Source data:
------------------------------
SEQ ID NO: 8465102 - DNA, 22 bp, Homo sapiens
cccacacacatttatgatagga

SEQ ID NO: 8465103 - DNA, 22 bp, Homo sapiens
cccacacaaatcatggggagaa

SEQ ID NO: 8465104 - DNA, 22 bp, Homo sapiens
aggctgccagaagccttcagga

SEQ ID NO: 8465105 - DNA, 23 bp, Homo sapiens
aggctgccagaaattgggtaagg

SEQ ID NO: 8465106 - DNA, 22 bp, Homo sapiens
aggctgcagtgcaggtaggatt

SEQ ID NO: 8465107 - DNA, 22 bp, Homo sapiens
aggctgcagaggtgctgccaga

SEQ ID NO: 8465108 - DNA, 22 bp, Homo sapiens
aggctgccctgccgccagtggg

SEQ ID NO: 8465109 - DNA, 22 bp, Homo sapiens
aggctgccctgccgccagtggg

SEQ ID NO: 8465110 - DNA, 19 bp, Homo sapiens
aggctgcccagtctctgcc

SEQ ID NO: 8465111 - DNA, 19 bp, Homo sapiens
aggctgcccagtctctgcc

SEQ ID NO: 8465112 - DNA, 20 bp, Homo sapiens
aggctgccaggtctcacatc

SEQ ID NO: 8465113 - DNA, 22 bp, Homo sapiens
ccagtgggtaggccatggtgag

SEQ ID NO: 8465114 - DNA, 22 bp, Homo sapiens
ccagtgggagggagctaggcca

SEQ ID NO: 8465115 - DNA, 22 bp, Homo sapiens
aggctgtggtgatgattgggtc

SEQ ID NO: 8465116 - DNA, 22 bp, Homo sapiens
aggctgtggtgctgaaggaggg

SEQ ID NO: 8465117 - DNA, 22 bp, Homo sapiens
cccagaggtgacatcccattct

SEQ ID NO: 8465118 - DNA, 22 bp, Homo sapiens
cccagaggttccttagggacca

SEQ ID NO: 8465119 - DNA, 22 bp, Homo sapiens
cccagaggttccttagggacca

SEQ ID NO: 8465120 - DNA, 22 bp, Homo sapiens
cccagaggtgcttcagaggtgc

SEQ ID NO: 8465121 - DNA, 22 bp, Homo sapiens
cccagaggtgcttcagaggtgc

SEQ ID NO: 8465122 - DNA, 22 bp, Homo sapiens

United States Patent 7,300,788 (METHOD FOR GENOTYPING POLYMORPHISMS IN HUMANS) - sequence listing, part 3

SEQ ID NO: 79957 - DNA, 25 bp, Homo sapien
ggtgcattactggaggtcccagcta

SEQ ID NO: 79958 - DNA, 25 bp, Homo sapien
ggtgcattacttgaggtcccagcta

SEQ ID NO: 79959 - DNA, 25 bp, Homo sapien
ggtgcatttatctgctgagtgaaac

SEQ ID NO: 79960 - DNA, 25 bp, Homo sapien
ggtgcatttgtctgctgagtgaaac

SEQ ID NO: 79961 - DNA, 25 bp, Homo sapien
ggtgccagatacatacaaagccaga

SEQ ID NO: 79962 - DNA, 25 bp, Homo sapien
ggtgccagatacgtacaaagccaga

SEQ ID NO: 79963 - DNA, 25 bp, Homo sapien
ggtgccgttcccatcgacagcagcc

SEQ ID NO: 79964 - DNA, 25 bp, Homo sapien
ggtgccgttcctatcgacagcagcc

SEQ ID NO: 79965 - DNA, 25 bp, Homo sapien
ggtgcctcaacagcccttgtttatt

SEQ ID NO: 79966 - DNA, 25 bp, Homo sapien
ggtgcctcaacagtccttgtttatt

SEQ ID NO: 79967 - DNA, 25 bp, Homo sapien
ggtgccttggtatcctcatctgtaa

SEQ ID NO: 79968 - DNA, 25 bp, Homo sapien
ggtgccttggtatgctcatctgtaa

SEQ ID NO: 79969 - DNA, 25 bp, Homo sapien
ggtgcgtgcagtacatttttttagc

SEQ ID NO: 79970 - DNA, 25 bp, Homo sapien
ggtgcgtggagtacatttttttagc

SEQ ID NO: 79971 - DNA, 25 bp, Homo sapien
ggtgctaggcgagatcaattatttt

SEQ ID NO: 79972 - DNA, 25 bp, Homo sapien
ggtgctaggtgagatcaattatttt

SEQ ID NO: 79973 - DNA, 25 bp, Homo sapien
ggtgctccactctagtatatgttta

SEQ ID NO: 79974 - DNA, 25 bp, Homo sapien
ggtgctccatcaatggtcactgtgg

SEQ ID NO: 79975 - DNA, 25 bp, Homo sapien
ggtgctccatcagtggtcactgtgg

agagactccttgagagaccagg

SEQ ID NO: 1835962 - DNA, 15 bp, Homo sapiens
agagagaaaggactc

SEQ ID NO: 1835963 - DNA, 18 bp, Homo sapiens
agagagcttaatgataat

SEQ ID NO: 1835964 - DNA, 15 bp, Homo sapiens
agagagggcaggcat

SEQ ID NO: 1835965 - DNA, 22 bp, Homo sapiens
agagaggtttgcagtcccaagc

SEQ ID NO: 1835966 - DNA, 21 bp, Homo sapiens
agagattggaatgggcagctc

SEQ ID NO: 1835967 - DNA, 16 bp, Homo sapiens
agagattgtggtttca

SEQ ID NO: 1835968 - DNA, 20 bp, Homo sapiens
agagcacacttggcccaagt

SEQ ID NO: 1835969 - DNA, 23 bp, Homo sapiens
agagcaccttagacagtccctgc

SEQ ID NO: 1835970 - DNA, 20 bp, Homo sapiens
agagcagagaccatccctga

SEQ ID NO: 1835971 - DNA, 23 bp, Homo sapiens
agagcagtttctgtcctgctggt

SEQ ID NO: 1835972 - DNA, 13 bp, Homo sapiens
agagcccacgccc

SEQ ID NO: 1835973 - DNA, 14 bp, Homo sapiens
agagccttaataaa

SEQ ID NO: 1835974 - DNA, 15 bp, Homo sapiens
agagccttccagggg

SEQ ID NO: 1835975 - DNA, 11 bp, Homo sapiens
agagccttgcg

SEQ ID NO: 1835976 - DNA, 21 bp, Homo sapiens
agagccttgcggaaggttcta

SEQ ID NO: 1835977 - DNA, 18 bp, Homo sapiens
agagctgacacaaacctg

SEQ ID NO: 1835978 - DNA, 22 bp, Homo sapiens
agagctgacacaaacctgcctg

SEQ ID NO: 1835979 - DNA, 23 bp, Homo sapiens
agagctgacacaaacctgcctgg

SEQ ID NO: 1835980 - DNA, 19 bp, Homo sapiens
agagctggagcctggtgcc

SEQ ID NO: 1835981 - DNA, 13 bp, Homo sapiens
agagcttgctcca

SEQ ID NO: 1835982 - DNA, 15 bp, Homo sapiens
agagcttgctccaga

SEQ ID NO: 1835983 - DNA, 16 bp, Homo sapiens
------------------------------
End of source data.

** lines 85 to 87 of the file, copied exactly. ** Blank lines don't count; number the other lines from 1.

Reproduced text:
agagagcttaatgataat

SEQ ID NO: 1835964 - DNA, 15 bp, Homo sapiens
agagagggcaggcat